Up until today, all of the photomatic photos I have written about are from the USA. Photomatic booths were different to other photobooth machines, as they produced only one photograph, which was delivered to the sitter ready framed. Frames were made of cardboard and metal in various coloured finishes. Towards the end of their existence the frames were plastic.
In Australia, the Powerhouse Museum in Sydney believes that only one photomatic machine was imported into Australia and it is possible that it was never put into service. Finding an Australian photomatic example is extremely remote, therefore finding any photomatic that is not American, was quite exciting for me.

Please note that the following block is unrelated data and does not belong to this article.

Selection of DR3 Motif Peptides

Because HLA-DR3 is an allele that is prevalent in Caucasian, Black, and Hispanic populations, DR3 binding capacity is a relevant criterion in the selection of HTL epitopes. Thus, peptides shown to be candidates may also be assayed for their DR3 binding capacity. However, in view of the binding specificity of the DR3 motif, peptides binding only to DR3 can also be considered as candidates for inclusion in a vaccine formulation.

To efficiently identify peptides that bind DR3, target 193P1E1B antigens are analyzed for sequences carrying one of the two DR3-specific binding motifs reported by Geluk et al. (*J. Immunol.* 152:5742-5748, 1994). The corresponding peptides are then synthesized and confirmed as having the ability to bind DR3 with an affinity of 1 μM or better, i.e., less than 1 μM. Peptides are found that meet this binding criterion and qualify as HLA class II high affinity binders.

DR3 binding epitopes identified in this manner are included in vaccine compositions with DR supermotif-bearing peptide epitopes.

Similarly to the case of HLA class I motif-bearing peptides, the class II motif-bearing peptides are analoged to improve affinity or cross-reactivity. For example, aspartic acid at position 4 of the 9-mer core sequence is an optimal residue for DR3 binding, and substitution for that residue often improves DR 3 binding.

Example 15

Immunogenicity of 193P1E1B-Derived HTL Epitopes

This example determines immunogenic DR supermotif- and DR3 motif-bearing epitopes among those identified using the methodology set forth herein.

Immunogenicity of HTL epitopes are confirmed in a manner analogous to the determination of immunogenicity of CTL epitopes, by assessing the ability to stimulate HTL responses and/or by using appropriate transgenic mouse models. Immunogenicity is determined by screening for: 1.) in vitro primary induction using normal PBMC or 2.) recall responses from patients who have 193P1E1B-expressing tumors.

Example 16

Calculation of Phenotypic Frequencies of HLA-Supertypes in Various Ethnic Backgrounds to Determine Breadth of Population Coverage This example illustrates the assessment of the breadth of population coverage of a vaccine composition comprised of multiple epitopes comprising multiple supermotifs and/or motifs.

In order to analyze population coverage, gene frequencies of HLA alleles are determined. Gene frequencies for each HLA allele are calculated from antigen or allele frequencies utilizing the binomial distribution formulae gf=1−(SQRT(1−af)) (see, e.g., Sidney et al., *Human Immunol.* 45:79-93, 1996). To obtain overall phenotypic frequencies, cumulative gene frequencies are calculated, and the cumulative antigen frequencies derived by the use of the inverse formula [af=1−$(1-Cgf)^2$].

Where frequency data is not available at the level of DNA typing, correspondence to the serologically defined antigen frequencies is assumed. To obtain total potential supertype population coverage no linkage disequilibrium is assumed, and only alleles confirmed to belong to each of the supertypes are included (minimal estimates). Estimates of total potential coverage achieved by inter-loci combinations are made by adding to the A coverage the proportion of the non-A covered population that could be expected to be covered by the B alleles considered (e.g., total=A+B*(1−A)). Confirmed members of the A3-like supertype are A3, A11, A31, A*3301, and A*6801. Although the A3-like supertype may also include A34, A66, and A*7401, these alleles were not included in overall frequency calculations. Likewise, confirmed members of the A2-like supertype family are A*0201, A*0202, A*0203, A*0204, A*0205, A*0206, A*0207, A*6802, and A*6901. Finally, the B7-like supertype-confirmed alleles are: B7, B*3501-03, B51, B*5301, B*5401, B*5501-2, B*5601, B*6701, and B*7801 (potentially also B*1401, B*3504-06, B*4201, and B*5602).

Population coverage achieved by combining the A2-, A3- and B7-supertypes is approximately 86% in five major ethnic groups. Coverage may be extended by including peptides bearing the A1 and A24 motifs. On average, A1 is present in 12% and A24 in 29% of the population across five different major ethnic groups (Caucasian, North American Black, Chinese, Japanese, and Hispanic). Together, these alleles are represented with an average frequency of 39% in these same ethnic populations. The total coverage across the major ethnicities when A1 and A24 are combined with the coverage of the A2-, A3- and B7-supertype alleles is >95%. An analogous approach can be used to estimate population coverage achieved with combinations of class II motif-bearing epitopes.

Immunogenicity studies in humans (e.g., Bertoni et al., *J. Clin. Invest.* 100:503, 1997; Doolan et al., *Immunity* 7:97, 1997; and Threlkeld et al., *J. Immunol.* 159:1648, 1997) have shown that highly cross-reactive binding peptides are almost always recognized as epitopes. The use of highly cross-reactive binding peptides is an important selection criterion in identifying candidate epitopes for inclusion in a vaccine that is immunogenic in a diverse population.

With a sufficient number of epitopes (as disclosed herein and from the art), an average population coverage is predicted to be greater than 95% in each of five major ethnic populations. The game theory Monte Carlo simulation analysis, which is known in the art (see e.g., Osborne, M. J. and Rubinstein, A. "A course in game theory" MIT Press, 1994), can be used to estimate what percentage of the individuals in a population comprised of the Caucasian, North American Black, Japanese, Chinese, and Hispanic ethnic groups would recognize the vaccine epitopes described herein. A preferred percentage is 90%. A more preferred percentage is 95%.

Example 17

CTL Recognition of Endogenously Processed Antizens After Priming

This picture of mother and son was taken in Scotland. The Scottish seller theorised that it may have been taken at the Empire Exhibition, in Scotland in 1938. The event was an international exposition held at Bellahouston Park in Glasgow, from May to December 1938. It showcased the best of Scotland’s industry and creativity, while also offering a chance to boost the country’s economy, which was recovering from the depression of the 1930s.
I find the atmosphere of this photo to be more restrained and demure than an American image for the same period would be. The clothing is more conservative and the expressions of these two are more tentative and shy than the average North American sitter. It could be that these two are not typical of the British Isles. They are just two quiet people enjoying a day out. However to me it has a particularly British feel to it; friendly, homey and comfortably welcoming.